At the edge of the horizon

At the edge of the horizon
At the edge of Japan

Saturday, July 6, 2013

Party in the USA (Okinawa)

My friend Ron, who blogs at Japan, recently posted a video of Party in the USA by Miley Cyrus.  She's not my favorite entertainer, but this video isn't her new video and isn't her in the video at all.  Instead, it's a video made by, I assume, military affiliated people who live here on Okinawa Island.  I have to admit that I sort of liked this version because it showed parts of Okinawa that I know, but I also wondered how it came across when these individuals were filming it, especially in the middle of the busy crosswalks waving their American flags.  Especially because there is an ongoing socio-political struggle here on this island...

Living in this prefecture, it's easy to get used to a daily unspoken tension all around regarding the presence of the US military on this island.  Every morning I wake up to the roar of  fighter jets or Osprey practicing their formations.  It's just part of life here.  This presence wasn't something I really thought too much about when I lived on Ishigaki Island.  But living on the big island, you come to understand and eventually accept that because you're a foreigner, the Japanese people you meet in passing almost always assume you're somehow affiliated with the military.  Because approximately 25,000 or more Americans are stationed here, military culture is a daily part of living here.  Along with it comes those who are pro-military (including Okinawans who are either employed by the military, who have married someone in the military or whose parents belong to the military, or who are part of a landlord class who make a ton of money renting to the military) and those who are essentially anti-military.  Of course, the majority of people on this island find that taking a stance is very complicated.  They don't like that there are so many bases, but they also have met many Americans and have formed friendships with people from the bases or are enamored with American culture as its performed by those in the military.  Most of the Okinawans that I've met have accepted that the US bases will be on this island indefinitely, though they would prefer that there were no bases or that the base presence on this island was significantly reduced.  I know a few people in the military who might also suggest a base reduction on this island as well.  I try not to take too much of a political stance on my blog, but this daily tension sometimes bothers the hell out of me.  It's almost like the sound of white noise in the background.  You get so used to this, that when you see Okinawan people protesting, you know that it's an anti-US base protest, specifically an anti-Futenma or anti-Henoko protest.  I know these protests are important to the people here, and I also know that these protests have been ongoing for years and will probably continue this way.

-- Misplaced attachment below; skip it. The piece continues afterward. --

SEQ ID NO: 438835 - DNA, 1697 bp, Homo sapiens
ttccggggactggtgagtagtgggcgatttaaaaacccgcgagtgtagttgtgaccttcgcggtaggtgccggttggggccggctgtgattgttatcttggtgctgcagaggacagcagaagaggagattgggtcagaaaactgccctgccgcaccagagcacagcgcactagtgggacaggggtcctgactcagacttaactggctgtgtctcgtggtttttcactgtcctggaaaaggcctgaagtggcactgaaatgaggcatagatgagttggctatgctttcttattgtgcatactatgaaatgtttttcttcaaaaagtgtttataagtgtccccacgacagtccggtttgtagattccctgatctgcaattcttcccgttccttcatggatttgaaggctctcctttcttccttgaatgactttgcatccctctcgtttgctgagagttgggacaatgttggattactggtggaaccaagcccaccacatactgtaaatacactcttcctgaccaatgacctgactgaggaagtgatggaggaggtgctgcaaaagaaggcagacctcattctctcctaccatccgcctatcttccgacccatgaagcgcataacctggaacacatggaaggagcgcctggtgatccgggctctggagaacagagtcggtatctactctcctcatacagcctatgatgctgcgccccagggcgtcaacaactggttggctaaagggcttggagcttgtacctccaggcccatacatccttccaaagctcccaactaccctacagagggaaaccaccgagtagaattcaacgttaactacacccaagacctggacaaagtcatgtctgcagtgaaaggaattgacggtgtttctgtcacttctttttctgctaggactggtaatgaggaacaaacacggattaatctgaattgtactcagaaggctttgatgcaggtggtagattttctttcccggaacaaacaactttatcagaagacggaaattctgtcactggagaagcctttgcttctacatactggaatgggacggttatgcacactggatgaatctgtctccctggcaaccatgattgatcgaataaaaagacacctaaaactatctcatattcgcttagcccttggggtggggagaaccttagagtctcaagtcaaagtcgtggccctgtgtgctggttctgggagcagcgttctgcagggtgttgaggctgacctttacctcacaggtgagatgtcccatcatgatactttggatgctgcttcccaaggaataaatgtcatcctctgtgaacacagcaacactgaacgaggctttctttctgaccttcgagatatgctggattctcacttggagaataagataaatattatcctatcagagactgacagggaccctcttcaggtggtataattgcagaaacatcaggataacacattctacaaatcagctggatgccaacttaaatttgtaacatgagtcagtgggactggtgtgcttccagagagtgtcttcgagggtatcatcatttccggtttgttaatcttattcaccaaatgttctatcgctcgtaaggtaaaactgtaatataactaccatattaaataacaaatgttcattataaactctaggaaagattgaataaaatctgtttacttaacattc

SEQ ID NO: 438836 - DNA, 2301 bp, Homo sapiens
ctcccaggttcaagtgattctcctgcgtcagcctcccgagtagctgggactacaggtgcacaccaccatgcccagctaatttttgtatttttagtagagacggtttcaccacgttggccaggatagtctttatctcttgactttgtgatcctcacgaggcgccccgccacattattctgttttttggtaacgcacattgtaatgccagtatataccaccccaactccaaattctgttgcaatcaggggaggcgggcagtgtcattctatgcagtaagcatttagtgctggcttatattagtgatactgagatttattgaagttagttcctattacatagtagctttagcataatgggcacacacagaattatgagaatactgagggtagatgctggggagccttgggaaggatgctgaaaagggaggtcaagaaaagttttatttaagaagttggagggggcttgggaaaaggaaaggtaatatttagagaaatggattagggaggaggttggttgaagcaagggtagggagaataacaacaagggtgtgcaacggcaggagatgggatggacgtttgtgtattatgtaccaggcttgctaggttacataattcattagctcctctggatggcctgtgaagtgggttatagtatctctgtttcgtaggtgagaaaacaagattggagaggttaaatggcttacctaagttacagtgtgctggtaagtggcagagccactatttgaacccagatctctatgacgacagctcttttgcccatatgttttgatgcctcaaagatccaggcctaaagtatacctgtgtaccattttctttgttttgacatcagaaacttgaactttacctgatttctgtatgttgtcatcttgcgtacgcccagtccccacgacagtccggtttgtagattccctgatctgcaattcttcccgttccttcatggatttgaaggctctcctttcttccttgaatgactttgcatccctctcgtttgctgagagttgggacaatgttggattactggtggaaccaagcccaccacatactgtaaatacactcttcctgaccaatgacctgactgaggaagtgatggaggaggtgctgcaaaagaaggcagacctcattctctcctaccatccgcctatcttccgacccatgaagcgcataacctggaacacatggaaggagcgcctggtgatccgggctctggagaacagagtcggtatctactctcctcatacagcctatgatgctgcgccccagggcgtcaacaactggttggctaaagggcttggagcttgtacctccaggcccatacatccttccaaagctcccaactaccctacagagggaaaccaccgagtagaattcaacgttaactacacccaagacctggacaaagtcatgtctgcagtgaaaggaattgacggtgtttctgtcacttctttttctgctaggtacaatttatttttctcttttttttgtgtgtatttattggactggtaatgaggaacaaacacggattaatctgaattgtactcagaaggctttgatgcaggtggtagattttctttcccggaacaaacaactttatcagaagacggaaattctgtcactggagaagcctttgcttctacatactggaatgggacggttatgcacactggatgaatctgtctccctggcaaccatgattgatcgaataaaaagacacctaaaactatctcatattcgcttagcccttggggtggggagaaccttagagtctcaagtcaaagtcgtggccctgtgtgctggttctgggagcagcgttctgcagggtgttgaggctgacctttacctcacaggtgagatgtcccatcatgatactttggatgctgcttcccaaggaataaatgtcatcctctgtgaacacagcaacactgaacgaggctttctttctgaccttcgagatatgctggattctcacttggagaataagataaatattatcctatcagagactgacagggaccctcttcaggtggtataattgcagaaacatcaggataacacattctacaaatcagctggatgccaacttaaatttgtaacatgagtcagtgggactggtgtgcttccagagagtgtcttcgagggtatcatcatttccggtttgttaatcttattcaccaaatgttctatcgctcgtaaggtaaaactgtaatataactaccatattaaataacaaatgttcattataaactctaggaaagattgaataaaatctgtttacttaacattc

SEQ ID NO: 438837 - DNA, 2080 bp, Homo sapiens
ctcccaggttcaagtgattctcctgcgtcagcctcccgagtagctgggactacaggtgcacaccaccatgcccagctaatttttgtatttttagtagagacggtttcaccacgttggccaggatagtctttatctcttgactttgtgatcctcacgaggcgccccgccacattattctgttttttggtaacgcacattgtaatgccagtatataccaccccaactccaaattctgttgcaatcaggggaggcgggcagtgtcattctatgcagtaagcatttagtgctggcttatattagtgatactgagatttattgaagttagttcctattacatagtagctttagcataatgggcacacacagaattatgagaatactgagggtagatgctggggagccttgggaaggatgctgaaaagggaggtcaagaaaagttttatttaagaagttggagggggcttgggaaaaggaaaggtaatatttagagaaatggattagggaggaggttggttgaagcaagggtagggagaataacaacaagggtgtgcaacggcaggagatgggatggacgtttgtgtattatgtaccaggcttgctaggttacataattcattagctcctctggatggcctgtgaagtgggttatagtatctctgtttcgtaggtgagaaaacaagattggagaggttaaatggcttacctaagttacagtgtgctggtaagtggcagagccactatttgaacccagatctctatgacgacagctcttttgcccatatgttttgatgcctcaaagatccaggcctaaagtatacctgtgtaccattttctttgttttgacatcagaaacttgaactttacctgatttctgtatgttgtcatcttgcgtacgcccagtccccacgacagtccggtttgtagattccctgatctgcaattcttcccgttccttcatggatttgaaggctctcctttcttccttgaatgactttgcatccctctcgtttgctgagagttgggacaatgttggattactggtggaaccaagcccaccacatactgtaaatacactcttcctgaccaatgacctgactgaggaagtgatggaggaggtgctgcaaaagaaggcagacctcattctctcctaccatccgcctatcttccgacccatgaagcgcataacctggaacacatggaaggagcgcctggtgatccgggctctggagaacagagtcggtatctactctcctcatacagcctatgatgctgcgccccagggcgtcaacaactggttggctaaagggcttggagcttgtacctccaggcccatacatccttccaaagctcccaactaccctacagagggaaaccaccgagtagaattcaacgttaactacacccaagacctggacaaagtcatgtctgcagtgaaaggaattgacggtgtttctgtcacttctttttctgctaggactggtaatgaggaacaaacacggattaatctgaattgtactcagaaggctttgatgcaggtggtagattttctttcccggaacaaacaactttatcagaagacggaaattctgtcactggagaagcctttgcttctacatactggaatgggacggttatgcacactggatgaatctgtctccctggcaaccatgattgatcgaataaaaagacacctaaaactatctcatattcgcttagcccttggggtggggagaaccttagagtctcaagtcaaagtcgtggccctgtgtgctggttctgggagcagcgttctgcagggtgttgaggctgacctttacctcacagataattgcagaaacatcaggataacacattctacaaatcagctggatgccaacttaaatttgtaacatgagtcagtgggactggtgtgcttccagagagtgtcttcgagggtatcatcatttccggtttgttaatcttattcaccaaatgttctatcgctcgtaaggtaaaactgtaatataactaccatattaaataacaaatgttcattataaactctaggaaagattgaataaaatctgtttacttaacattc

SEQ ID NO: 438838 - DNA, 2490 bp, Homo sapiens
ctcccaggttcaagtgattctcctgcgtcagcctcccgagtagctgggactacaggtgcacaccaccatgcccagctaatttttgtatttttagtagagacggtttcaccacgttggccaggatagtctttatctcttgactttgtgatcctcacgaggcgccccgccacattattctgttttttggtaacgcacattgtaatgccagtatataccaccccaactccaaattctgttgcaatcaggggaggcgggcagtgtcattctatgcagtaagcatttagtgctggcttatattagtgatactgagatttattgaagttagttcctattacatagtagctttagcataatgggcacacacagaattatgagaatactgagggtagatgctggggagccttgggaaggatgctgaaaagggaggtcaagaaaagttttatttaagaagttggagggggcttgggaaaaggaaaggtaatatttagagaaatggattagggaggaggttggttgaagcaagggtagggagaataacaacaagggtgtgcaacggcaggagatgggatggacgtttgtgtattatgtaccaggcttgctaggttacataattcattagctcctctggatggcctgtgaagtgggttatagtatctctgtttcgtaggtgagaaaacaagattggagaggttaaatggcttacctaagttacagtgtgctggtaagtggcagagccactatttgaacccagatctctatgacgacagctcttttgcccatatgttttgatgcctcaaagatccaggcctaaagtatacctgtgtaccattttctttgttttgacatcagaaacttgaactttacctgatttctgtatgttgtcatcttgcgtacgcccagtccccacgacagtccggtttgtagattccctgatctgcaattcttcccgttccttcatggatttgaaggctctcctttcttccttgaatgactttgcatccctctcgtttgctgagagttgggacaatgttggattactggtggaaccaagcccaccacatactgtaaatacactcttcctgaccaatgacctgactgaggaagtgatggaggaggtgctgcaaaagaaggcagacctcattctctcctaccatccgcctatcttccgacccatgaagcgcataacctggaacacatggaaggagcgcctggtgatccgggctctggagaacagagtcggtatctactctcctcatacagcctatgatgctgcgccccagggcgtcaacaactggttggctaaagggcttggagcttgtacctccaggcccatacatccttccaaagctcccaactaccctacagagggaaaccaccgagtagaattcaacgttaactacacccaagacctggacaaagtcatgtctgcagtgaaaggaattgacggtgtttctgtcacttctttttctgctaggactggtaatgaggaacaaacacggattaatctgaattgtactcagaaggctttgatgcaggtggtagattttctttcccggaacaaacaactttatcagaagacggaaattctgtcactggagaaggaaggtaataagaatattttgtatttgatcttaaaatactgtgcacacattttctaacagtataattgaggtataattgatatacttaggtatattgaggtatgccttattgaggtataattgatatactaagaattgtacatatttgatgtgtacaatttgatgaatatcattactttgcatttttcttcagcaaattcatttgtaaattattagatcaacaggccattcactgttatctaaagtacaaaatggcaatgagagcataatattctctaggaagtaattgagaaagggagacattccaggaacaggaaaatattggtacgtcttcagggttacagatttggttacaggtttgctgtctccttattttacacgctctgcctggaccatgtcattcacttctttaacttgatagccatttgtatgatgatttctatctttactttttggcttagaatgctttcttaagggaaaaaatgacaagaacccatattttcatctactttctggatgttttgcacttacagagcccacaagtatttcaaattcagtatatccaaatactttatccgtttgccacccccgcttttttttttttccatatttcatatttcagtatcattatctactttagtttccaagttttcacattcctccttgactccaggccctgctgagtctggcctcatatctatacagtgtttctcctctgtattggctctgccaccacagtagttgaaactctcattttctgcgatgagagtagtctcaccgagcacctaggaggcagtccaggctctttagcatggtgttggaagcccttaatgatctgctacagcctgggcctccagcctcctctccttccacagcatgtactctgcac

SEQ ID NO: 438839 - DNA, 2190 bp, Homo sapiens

Even though I grew up in a city that has a very large air force base, I never felt so exposed to US military culture as I have been since I moved to Japan.  I don't really know how to process it, to be honest.  I think it may be one of the major reasons why I sometimes lament not being placed in another part of Japan, but then again...the grass is always greener elsewhere.  There is so much more to say about this topic and the complexities of living in Okinawa prefecture, but I feel this blog post isn't really going to go there today. I've already done this subject a disservice by briefly summarizing this critical issue.

As for the video, while it's fun and lighthearted, I feel it represents a disconnection between the American and Okinawa cultures when it comes to living on this island.  This video alone should be analyzed for the complex relationship between the two cultures.  Then again, maybe the Okinawan people can appreciate people just having fun and not read too much into the flag waving.  



  1. Met a marine the other day. He has been here a lot longer than I have and is married to an Okinawan woman. I asked him if he liked goya but he had no idea what it was. Total disconnection from the culture.

  2. How strange. Most people who live on these islands know what goya is. That being said, it's really easy for ex-military to live here and live like they're in America, even if they aren't on the bases anymore. I went to someone's home who was married to an Okinawan woman and their kitchen was filled with American food and it had American style appliances, including a large stove with an oven. It had been a while since I'd seen an American kitchen, so I felt nostalgic.

    But, live in Okinawa and not know what goya is?